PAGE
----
Yes, I do think it really appears strange. On hindsight, I feel like I played my best chess ever in World championships but the title never came my way and the best I managed was a bronze. I kept getting knocked out. Maybe I was unlucky. We dont know what life will throw at us in the future. We can only focus on doing our job to the best of our ability and see what comes our way.

How much time do you devote to chess?

It used to be a tough, disciplined grind of 8 to 10 hours every day without a break -- even on Sunday. I would spend half a day working on chess. Now I spend about three to four hours every day. After the arrival of my daughter, things have changed. I no longer work on festivals and few other days. I have to do a balancing act but I never miss any opportunity that I can spend working on chess.

How much had chess changed after your comeback?

There are a lot of changes. I realised that most of the preparation I had done a couple of yearsbackor earlier was not at all useful or had become redundant. With powerful engines, chess has changed. Younger generation play the best possible opening. When I became a GM, we did not have such exposure to technology. These days if you dont become a GM by 12 or 13 years then there is virtually no future for you as a chess player.

How do you look at the current crop of youngsters?

When I made a comeback at Gibraltar, I met a few of them, most of them just 15 or 16 years old and already enjoying an Elo 2500 to 2600 rating. Frankly, I am overawed and sometimes I feel that I am already a veteran!

Which are your next events and are you expecting invitations to niche events?

Nothing is planned yet but maybe February or March. I have received a few invitations but I have become a bit choosy now. I cannot play all events but play in all official FIDE events. This title has sort of rekindled my hunger for winning a World Womens title.

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Koneru Humpy: Back to the forefront - Deccan Herald

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January 6th, 2020 at 10:44 am

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The 10 Best Chess Games Of 2019 –

Posted: January 3, 2020 at 10:47 am

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Another complete year of exciting chess has ended2019 has had the most power-packed schedule in recent years with elite tournaments, official events and strong opens. Overall, it was a fun year that gave us plenty of awesome games.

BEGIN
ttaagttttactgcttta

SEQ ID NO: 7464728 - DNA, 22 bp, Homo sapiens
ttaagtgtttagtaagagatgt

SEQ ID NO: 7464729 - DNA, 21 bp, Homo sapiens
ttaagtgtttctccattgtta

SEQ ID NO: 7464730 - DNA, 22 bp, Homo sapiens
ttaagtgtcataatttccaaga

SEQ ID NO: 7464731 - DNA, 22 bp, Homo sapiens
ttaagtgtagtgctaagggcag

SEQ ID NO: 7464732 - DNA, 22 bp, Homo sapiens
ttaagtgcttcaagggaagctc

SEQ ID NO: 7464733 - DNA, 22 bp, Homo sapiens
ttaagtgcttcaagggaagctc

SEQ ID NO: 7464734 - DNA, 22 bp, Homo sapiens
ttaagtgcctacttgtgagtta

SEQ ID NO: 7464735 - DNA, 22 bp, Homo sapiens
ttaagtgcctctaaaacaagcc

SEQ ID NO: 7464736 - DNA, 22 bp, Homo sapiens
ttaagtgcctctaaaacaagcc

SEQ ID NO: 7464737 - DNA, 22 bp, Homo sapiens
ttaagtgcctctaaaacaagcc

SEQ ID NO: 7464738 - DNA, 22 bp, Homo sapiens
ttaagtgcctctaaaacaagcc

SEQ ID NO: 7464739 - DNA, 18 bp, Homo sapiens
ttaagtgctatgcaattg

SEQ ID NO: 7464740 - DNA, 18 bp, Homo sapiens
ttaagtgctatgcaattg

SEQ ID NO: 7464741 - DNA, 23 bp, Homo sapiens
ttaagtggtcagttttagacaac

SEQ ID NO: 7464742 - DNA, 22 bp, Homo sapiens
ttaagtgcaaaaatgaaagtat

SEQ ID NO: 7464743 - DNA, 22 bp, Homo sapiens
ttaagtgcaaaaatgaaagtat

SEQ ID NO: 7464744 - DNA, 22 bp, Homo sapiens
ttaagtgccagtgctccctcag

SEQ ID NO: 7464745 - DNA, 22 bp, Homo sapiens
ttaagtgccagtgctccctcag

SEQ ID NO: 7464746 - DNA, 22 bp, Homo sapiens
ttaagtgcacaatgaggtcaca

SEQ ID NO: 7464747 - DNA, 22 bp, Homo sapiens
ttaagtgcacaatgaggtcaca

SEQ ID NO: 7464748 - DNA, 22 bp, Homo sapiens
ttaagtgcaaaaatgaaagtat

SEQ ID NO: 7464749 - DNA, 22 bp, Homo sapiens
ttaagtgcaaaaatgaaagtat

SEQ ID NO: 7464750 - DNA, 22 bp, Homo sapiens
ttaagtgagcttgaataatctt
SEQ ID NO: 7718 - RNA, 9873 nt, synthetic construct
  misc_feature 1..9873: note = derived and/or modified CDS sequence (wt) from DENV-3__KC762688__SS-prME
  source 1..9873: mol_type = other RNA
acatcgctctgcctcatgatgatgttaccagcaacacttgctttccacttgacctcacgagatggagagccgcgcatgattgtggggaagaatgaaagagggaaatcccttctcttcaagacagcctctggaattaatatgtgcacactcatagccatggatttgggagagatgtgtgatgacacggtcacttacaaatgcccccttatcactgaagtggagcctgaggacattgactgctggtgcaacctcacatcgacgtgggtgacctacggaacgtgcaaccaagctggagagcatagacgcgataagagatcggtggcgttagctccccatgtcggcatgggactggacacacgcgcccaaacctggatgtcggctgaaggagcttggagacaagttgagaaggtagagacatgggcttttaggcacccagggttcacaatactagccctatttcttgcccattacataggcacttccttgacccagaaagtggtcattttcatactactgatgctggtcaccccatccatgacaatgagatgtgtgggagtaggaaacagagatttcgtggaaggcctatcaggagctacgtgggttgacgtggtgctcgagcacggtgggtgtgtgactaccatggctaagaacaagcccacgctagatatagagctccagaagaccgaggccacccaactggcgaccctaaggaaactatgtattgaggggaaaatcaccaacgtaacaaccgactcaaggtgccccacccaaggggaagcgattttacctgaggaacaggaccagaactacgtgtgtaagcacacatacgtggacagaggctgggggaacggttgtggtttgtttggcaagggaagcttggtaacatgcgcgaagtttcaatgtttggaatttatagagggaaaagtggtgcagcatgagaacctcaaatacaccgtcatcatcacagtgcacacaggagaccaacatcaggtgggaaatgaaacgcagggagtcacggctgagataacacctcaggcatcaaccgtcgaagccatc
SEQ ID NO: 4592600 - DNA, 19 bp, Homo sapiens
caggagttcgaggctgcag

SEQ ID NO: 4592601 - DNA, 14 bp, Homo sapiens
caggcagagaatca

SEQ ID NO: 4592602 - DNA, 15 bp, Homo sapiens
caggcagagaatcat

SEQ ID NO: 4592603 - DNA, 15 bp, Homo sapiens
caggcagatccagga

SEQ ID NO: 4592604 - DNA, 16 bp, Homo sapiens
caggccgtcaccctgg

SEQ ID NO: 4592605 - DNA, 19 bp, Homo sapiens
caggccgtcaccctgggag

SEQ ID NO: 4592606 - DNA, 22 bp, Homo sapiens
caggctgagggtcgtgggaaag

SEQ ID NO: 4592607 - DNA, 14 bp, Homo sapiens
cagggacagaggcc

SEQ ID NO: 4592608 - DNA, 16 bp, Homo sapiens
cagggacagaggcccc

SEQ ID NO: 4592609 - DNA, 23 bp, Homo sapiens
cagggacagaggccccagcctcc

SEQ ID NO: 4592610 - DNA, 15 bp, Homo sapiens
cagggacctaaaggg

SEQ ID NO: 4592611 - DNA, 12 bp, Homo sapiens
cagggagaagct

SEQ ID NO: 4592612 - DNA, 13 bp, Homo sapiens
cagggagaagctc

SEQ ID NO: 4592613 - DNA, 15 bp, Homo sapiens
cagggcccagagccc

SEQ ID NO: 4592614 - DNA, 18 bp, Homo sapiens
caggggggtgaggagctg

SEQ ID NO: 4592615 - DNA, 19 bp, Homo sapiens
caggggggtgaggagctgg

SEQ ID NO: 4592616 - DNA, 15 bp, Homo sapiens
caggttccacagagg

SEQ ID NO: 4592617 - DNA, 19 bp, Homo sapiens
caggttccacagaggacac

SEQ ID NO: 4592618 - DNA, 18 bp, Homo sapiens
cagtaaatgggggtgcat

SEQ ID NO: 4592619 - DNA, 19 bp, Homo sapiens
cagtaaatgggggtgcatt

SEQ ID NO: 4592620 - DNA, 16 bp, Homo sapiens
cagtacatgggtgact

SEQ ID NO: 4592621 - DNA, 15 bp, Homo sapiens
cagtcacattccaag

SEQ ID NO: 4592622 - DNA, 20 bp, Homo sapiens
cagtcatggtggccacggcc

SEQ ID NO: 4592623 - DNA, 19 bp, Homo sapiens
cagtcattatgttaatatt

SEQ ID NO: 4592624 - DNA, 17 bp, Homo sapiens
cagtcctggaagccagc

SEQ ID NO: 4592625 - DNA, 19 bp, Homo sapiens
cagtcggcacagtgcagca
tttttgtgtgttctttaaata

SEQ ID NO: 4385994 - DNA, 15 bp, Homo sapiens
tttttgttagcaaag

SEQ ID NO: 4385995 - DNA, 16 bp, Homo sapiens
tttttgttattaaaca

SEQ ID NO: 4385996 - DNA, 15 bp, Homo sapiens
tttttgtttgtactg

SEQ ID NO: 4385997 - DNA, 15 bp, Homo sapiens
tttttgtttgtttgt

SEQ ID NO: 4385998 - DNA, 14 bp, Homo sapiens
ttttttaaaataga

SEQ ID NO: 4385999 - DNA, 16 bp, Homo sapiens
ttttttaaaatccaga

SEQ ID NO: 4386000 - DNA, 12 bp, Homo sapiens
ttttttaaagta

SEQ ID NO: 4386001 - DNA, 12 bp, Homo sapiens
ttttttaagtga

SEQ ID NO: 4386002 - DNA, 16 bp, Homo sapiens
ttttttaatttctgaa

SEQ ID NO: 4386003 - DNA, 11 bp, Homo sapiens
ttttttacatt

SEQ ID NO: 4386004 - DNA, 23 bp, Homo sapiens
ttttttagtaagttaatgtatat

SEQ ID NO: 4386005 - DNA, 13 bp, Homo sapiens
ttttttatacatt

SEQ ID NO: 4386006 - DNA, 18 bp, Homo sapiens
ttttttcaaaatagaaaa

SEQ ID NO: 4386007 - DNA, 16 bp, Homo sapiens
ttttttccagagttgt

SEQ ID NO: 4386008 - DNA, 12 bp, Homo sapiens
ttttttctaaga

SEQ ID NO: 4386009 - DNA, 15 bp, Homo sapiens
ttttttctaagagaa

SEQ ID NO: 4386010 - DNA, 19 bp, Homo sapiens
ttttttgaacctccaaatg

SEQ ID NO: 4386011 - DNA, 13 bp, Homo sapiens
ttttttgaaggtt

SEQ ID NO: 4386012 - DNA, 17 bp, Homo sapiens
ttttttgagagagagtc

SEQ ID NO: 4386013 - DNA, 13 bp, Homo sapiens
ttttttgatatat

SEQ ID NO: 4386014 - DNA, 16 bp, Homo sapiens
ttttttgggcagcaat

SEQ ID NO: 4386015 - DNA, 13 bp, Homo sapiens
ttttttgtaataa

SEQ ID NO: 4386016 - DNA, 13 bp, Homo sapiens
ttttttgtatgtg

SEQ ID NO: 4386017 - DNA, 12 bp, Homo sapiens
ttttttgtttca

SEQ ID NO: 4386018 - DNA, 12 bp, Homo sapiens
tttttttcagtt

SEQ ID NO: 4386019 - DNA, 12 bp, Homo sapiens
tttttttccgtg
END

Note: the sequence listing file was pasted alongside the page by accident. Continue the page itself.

The strong chess players of's content team (@peterdoggers, @danielrensch, @samcopeland, @Luisfsiles,@mikeklein, @gmkrikor, @Isaacsteincamp, @coachjkane, @fischwitsch and @rakesh) had the fun and tiring(!) task of short-listing and then ranking the year's most memorable games.

(Note that our columnist @Gserper wrote about his most memorable10 games of 2019 as well and it's quite a different list!)

Each person next voted on his 10 favorite games with the top game getting 10 points, the 10th-best game getting one point, and so forth.

Below you'll find the list of the games finishing in 10th to first places.

We kick-start our countdown with this fascinating win by the eventual winner, Valentina Gunina, at the Cairns Cup. Playing as White, Gunina shows immense attacking prowess as she blows away Marie Sebag, who was making her comeback to top-level chess after a short absence.

Gunina plays a typical Sicilian style with a free-flowing attack on the kingside even though Sebag hasn't castled. The computer dislikes White's overambitious playbut Sebag errs. Gunina then executes the attack to perfection with all her pieces and forces resignation!

Two games tie with the score of 30 points, but the Dubov-Giri game ranks behind Carlsen-Ding that is much more significant. Daniil Dubov is also the only player to have two top-10 wins in 2019.

This win by Dubov is true to his style. Get an advantage out of the opening. Complicate things and go for a wild attack. Then win!

Dubov plays the brilliant 19.0-0-0 to win an absolutely crazy game. His king doesn't have any pawn in front of him but still is completely safe! Then all of Dubov's pieces combine to create havoc. In the end, his knights dazzle beautifully, and he crashes through against the solid Anish Giri.